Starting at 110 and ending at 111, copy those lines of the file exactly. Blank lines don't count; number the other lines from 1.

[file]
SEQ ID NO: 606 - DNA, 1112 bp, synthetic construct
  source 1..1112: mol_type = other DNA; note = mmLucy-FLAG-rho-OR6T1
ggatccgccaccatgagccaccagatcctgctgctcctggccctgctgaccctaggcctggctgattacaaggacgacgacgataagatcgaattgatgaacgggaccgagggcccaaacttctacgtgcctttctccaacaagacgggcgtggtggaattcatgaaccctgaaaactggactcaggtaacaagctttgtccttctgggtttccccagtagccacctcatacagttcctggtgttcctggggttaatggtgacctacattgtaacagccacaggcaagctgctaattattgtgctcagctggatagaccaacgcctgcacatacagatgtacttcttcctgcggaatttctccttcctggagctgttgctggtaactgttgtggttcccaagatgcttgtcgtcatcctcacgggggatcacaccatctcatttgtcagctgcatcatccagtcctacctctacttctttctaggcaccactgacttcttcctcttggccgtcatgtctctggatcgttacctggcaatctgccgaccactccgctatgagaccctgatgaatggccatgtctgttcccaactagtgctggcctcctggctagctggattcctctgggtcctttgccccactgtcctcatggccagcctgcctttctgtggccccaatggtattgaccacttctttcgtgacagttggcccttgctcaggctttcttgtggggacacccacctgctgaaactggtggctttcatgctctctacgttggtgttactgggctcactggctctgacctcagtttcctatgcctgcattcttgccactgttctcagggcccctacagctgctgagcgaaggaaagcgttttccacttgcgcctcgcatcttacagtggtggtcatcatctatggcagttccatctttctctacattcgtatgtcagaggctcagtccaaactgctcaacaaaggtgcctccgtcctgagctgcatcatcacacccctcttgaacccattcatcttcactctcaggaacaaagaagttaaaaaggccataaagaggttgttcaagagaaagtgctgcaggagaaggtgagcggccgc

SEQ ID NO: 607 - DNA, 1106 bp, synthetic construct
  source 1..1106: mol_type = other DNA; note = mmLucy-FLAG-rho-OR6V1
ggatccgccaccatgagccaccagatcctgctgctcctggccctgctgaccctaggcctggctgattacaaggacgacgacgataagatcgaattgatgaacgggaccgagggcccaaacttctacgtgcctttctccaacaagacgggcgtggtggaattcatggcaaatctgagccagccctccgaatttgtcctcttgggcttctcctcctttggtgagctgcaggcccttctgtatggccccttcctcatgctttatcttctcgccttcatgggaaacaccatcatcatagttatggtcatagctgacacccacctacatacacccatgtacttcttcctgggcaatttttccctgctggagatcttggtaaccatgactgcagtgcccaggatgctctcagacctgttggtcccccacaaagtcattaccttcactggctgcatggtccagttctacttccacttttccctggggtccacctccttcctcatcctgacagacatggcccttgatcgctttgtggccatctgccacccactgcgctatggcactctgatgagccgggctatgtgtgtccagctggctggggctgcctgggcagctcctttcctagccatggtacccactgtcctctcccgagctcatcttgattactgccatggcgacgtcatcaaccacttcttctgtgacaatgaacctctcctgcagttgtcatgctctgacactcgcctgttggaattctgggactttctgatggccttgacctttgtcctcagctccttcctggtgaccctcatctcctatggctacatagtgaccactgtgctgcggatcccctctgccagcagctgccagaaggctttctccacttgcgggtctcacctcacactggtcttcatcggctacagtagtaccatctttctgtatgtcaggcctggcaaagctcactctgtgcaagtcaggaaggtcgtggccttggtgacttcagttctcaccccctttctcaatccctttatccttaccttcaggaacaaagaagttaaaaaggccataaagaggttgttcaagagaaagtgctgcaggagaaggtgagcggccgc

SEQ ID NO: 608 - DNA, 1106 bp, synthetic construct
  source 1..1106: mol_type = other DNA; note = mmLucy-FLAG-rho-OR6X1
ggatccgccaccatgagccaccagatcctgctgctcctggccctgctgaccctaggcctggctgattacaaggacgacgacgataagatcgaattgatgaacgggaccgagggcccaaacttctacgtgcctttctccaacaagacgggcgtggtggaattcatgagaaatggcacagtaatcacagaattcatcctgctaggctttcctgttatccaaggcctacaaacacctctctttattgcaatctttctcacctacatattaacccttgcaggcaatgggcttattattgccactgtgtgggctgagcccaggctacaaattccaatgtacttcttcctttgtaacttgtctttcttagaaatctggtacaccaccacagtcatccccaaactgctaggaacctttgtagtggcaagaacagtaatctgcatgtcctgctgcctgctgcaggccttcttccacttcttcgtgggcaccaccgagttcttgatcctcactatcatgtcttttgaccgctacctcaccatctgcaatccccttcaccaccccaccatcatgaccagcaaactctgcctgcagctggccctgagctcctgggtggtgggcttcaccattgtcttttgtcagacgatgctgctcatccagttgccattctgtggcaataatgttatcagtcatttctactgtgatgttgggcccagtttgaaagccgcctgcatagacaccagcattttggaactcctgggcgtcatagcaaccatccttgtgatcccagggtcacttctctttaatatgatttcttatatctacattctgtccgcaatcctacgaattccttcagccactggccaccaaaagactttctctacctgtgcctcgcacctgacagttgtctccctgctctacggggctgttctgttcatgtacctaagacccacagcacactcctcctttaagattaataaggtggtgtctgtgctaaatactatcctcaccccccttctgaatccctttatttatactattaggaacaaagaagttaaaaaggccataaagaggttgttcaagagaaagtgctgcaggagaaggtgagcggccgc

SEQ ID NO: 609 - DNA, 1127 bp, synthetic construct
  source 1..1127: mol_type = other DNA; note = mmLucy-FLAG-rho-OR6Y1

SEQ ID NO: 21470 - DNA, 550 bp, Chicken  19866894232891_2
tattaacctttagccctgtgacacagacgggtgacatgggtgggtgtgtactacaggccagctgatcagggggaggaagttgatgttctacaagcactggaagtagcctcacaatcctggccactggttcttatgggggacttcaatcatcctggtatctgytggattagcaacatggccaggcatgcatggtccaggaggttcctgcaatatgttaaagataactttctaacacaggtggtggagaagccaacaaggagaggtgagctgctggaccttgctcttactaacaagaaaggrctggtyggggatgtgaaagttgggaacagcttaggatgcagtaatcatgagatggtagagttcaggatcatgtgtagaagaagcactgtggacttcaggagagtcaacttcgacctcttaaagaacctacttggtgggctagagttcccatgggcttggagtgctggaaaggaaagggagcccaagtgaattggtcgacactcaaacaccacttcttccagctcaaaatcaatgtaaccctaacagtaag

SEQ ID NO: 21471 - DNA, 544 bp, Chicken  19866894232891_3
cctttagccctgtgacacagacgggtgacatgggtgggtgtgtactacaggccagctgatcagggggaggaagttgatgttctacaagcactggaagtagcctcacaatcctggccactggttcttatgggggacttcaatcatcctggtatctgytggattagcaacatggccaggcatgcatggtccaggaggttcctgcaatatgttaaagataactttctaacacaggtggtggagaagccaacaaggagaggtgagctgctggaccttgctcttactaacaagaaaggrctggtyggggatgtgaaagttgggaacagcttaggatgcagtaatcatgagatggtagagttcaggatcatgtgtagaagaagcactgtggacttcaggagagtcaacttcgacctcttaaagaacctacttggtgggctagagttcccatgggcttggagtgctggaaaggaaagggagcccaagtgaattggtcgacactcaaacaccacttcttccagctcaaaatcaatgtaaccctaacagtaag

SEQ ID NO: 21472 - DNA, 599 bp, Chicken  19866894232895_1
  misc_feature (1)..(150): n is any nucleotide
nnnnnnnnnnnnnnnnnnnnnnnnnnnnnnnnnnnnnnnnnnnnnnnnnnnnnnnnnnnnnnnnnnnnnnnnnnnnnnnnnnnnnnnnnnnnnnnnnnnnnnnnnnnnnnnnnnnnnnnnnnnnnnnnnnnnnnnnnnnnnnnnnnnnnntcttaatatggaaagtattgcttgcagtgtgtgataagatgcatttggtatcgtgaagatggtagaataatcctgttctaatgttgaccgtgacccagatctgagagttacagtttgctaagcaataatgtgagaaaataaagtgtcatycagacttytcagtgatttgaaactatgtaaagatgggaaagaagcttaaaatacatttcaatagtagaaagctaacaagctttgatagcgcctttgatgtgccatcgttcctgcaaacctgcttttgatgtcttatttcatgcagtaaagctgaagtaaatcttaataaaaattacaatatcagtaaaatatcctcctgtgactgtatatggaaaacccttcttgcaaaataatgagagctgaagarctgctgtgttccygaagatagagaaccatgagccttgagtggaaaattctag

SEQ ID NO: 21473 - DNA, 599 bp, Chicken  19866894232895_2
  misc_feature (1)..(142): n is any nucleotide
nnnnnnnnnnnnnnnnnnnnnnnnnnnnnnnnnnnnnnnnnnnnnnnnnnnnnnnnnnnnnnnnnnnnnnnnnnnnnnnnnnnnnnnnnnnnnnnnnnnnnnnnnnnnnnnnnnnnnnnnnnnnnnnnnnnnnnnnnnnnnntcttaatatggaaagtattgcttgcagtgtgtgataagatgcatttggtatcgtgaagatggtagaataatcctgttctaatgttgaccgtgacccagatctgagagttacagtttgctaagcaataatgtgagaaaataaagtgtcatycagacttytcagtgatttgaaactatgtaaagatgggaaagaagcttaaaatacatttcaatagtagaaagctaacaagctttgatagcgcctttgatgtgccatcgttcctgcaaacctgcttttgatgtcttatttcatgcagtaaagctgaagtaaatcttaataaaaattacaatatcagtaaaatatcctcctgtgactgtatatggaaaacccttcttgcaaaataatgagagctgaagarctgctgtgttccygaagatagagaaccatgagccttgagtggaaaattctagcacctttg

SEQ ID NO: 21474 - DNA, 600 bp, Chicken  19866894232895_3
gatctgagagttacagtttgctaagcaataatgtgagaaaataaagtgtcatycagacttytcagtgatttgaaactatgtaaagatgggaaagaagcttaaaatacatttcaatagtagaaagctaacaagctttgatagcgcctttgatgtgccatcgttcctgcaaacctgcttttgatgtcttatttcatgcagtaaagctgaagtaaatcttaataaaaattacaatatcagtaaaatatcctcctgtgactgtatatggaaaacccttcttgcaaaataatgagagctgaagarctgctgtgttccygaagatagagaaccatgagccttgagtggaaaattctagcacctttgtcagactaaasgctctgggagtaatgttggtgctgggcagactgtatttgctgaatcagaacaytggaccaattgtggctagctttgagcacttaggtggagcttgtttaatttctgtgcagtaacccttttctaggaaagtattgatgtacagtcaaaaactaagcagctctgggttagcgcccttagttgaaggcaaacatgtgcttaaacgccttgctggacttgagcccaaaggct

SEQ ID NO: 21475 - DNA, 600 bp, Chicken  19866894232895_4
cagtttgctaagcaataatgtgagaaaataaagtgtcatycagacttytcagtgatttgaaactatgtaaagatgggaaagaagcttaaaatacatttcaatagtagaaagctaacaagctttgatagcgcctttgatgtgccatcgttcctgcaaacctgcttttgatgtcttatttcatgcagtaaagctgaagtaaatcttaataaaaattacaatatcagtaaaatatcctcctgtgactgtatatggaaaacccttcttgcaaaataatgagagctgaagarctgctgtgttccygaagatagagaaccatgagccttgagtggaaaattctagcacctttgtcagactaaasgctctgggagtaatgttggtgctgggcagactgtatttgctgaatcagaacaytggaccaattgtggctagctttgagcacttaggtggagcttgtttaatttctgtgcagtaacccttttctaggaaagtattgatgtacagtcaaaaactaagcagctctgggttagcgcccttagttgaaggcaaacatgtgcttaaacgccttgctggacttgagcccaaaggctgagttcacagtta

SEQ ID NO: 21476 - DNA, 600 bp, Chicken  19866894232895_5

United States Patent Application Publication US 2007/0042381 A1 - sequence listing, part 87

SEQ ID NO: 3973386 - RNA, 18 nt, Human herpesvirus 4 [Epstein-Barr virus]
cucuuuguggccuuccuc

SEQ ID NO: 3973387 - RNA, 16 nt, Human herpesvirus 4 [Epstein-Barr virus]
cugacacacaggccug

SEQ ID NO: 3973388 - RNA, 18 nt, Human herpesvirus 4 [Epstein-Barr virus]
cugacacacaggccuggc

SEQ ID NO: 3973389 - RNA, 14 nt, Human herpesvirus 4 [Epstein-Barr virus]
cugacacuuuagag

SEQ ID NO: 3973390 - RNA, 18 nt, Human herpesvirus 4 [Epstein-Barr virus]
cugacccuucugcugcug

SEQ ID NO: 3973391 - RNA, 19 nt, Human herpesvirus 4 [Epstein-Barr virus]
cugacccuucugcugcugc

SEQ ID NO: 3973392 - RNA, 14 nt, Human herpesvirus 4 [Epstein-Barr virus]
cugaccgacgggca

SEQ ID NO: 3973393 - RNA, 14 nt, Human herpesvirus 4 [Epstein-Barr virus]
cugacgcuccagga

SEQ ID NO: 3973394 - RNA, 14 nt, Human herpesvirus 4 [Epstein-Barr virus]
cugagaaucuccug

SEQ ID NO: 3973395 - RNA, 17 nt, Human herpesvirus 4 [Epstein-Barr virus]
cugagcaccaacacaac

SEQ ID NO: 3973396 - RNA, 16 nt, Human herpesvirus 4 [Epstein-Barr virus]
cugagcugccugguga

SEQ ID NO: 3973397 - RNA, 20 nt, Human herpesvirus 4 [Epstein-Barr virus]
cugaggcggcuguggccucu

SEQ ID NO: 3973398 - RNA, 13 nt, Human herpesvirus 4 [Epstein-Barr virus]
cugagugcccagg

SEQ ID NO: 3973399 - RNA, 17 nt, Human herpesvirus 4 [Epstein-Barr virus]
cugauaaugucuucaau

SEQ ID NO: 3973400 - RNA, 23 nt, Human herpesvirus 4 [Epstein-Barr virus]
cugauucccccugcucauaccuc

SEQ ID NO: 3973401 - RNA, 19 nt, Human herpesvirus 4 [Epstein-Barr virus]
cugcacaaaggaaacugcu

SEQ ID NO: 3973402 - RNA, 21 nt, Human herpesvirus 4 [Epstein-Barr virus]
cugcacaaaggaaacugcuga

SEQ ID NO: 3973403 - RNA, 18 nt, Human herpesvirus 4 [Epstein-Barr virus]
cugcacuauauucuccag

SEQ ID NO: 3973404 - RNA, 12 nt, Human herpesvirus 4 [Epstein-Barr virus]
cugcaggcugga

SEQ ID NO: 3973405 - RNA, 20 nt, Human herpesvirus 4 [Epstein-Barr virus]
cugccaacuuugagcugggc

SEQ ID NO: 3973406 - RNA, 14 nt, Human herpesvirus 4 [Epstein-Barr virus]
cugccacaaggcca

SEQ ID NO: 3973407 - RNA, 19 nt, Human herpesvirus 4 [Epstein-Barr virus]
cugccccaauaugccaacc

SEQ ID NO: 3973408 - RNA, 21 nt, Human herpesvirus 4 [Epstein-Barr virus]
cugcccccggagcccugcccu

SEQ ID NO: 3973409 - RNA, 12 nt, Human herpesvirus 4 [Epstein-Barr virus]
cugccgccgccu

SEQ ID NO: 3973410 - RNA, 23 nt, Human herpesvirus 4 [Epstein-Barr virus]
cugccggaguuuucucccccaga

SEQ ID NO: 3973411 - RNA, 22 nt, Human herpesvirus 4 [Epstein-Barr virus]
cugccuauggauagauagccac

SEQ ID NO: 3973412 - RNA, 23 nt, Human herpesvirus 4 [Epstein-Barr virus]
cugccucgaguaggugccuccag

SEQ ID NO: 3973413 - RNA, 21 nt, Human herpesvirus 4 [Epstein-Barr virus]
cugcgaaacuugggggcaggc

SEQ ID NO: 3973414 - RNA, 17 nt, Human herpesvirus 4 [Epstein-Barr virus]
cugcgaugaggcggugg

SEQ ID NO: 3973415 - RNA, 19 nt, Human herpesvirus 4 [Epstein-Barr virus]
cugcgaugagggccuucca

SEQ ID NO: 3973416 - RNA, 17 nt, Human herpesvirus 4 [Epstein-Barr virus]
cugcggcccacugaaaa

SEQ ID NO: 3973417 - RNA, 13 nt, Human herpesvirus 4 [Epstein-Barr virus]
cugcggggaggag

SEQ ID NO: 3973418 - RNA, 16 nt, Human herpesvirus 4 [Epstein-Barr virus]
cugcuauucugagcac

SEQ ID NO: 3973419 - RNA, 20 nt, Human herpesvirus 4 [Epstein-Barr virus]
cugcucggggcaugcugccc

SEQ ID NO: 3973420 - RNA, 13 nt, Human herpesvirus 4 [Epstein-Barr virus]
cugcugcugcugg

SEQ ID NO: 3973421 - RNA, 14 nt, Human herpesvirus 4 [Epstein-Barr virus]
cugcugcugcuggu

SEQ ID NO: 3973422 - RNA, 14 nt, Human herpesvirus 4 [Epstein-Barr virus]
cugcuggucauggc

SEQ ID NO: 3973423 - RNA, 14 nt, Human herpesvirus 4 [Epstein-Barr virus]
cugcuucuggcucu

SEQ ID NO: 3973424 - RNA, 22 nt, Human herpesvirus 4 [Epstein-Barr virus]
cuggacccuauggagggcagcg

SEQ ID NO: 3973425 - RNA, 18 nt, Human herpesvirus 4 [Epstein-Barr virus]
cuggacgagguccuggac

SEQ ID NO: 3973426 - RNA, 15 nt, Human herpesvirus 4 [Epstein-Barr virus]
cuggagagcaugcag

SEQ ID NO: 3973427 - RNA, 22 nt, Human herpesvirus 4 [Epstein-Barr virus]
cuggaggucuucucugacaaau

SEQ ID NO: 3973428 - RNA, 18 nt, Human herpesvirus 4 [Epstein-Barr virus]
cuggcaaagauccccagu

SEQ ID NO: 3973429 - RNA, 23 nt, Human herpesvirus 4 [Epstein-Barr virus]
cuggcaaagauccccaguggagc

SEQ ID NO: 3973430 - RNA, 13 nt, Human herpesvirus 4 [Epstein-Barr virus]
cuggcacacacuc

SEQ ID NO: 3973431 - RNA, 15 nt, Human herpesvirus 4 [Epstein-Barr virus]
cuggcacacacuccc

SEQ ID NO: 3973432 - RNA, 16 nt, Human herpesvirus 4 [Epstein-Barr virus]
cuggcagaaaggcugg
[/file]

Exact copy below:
SEQ ID NO: 3973427 - RNA, 22 nt, Human herpesvirus 4 [Epstein-Barr virus]
cuggaggucuucucugacaaau